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"...science fiction is sort of like a sociological genome. It's a huge range of possible futures, most of them useless; some vital. You never really know in advance."
- Peter Watts

Fornixation  
  Electrical stimulation of the pleasure centers of the brain.  

"Why not?" Grandpa says. "Mr. and Mrs. Everyman sit on their asses all day, drink, eat, and watch fido, and their brains run to mud and their bodies to sludge. Caesar would have had no trouble surrounding himself with fat friends these days. You ate, too, Brutus?"

Grandpa's comment, however, should not apply to Mrs. Applebaum. She has a hole in her head, and people addicted to fornixation seldom get fat. They sit or lie all day and part of the night, the needle in the fornix area of the brain delivering a series of minute electrical jolts. Indescribable ecstasy floods through their bodies with every impulse, a delight far surpassing any of food, drink, or sex. It's illegal, but the government never bothers a user unless it wants to get him for something else, since a fornic rarely has children. Twenty per cent of LA have had holes drilled in their heads and tiny shafts inserted for access of the needle. Five per cent are addicted; they waste away, seldom eating, their distended bladders spilling poisons into the bloodstream.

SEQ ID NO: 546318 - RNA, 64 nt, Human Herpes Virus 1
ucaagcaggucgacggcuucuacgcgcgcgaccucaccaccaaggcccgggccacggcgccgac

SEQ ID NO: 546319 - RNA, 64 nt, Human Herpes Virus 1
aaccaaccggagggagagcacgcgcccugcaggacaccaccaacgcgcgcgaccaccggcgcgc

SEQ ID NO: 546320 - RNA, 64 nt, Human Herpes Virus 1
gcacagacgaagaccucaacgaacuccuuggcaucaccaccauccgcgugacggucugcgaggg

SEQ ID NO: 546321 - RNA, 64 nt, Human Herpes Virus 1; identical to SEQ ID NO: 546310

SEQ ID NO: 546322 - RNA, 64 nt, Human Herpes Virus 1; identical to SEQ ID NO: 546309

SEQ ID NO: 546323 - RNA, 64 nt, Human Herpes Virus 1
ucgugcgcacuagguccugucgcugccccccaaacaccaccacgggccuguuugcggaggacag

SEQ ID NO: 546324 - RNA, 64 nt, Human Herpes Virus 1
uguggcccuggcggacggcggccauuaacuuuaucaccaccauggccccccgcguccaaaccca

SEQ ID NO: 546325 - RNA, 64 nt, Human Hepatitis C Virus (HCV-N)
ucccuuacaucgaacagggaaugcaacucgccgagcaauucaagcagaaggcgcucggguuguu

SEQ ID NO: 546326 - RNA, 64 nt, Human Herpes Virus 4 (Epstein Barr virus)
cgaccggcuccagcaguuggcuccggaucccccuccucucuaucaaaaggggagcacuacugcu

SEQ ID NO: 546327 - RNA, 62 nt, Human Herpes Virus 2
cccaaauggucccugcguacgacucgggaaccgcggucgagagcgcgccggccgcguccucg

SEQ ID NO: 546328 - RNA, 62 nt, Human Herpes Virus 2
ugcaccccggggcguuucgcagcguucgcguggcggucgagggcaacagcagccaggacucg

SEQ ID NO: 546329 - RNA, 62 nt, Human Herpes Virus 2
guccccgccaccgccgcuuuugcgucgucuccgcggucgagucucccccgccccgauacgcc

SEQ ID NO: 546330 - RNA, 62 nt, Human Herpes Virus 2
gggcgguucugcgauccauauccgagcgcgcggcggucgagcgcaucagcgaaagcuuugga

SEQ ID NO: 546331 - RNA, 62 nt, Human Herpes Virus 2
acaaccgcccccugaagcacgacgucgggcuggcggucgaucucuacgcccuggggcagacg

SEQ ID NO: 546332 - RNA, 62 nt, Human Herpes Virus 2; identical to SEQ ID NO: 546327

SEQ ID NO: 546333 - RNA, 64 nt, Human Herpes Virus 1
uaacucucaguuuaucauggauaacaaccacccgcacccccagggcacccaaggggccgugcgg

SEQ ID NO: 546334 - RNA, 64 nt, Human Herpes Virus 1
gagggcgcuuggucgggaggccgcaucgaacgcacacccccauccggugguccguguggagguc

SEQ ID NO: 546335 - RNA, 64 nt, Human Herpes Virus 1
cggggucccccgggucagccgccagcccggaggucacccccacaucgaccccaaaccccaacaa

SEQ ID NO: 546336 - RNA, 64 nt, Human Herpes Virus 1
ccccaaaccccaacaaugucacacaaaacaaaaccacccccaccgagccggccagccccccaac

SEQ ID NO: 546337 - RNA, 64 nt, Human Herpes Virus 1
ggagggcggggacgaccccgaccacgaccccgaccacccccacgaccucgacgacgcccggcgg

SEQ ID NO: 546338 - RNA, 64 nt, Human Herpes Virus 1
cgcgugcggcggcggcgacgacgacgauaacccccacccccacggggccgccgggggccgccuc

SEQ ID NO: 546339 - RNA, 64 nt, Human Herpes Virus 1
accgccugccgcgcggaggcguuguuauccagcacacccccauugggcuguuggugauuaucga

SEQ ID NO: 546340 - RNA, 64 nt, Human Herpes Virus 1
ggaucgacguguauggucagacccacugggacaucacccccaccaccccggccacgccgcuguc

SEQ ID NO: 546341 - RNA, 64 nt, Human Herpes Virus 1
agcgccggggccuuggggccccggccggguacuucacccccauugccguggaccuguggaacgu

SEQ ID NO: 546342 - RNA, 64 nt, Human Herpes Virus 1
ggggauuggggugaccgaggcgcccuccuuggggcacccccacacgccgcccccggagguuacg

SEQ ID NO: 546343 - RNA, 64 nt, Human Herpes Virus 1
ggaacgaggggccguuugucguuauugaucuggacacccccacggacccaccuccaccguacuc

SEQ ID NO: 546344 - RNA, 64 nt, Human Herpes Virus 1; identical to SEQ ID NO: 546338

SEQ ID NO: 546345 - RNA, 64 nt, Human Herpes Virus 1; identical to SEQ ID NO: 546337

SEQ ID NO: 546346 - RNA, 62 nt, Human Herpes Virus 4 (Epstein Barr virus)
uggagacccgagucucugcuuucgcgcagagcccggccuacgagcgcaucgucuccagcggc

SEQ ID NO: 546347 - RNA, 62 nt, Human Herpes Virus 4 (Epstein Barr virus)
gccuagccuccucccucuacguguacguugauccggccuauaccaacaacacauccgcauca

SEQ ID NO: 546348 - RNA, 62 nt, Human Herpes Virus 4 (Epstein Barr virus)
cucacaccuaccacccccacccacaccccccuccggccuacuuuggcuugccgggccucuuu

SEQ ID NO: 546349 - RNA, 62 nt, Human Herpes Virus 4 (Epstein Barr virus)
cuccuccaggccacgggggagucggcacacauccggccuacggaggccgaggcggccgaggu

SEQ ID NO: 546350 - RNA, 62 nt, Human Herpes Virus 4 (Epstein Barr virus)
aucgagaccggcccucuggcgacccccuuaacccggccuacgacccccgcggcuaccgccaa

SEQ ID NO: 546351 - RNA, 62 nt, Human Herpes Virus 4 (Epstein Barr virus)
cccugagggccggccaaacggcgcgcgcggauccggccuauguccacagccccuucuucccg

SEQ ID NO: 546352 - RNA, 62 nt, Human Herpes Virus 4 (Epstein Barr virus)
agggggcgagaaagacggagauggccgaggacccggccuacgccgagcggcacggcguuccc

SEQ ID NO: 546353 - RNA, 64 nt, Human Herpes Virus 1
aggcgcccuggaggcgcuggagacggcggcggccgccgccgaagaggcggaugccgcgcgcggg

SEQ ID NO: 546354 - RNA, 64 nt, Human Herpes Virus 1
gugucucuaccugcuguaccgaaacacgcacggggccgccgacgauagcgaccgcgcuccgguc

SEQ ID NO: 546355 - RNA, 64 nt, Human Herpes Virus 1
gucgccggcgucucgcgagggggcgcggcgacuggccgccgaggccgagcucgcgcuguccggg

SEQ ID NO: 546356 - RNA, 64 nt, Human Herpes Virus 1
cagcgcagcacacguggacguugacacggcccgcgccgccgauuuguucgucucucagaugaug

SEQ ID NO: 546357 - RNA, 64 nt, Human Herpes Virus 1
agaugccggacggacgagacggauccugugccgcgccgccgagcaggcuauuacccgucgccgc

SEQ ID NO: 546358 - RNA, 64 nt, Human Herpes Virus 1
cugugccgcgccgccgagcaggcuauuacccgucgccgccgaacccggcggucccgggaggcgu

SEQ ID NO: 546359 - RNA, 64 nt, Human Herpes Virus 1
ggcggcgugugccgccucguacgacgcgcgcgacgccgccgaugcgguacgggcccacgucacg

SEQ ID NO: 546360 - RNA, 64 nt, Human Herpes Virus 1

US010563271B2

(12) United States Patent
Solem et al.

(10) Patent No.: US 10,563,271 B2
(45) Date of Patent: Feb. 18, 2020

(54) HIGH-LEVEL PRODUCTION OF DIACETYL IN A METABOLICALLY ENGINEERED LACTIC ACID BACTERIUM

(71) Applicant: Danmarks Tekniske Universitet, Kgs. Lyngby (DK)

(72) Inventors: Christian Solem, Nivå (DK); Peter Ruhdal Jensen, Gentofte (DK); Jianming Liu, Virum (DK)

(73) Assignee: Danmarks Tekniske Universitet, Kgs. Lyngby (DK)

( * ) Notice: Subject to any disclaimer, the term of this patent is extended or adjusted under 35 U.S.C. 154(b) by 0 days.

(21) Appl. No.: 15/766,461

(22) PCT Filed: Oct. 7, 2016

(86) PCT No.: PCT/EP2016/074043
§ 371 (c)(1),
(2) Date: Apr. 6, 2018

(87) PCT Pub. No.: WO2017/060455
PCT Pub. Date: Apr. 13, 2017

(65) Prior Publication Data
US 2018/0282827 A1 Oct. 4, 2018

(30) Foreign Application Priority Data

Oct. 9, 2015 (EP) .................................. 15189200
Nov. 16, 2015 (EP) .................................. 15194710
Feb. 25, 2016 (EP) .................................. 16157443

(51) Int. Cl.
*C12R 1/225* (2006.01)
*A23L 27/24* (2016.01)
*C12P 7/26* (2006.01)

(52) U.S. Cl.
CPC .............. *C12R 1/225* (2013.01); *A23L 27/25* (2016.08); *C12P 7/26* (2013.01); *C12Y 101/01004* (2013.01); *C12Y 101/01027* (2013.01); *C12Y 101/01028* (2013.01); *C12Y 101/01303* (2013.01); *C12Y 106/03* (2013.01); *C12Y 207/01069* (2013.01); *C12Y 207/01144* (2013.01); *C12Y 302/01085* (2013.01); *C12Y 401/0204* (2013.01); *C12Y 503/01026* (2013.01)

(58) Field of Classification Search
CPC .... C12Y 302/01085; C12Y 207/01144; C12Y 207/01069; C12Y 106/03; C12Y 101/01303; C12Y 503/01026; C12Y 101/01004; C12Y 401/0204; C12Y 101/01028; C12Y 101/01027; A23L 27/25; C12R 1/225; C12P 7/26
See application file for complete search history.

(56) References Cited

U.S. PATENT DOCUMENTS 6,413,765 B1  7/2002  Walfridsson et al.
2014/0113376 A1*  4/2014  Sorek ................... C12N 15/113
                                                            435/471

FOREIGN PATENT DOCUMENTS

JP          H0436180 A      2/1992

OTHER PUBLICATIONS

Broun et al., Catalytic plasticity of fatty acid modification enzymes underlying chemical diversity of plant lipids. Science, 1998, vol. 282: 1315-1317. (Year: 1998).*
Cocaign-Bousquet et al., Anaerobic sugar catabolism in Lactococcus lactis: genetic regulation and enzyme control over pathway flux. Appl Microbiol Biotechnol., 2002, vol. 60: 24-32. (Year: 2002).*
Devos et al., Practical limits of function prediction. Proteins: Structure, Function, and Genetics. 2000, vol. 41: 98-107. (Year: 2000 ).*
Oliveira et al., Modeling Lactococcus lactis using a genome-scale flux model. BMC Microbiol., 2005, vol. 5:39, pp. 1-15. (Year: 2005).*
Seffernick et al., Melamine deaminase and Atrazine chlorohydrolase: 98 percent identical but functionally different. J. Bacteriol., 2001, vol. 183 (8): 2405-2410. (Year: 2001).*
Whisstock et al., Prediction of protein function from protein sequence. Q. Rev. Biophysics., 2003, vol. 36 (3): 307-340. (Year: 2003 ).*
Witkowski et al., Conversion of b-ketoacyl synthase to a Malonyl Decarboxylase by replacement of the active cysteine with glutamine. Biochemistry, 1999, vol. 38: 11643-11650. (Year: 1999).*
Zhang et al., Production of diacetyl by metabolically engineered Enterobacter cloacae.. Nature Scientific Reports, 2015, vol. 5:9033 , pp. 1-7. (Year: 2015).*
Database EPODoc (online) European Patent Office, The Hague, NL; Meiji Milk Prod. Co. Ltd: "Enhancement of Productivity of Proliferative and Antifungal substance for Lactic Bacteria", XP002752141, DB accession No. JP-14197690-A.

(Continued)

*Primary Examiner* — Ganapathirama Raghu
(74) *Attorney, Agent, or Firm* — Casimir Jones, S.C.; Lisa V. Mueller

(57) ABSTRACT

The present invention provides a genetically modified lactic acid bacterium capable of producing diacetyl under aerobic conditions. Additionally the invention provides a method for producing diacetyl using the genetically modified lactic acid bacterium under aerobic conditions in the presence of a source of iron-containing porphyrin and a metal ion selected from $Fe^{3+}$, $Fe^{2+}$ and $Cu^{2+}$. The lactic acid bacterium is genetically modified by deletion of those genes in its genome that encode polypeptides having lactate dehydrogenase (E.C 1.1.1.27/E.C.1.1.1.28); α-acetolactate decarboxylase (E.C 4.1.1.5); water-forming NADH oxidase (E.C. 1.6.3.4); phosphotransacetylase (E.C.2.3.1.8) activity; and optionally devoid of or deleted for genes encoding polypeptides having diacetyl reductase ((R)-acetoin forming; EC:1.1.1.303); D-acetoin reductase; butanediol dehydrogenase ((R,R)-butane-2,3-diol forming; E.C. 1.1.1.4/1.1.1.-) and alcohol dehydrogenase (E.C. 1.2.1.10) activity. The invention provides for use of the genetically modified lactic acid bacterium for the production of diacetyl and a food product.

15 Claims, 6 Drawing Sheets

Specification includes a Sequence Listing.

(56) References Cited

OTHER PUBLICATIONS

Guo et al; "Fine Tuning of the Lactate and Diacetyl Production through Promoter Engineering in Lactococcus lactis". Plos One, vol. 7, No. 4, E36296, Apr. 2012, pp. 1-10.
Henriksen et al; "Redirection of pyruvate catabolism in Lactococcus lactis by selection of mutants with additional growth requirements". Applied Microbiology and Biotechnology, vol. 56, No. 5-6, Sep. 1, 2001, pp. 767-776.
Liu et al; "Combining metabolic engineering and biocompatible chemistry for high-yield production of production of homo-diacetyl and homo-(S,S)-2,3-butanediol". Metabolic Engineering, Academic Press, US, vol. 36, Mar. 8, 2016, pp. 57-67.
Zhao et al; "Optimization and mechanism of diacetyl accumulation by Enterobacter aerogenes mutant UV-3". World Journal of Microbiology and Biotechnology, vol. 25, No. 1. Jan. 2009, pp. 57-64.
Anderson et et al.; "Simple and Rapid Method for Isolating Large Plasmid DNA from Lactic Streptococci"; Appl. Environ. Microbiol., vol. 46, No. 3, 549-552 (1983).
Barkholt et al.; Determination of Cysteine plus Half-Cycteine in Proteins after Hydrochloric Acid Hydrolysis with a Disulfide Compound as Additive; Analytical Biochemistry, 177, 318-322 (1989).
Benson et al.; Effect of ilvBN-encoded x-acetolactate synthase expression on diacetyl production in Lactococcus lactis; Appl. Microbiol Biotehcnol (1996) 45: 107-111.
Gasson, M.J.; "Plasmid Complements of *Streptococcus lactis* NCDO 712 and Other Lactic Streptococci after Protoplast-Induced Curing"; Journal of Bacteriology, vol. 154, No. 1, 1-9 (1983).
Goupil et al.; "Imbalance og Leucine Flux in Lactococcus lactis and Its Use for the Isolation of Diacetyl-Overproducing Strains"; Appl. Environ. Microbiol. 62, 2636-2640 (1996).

Technovelgy from Riders of the Purple Wage, by Philip Jose Farmer.
Published by Doubleday in 1967
Additional resources -

Compare to the droud from Larry Niven's 1969 novel Death by Ecstasy and the pleasure cap from Cordwainer Smith's 1961 novel A Planet Named Shayol.

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Additional resources:
  More Ideas and Technology from Riders of the Purple Wage
  More Ideas and Technology by Philip Jose Farmer
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  Tech news articles related to works by Philip Jose Farmer

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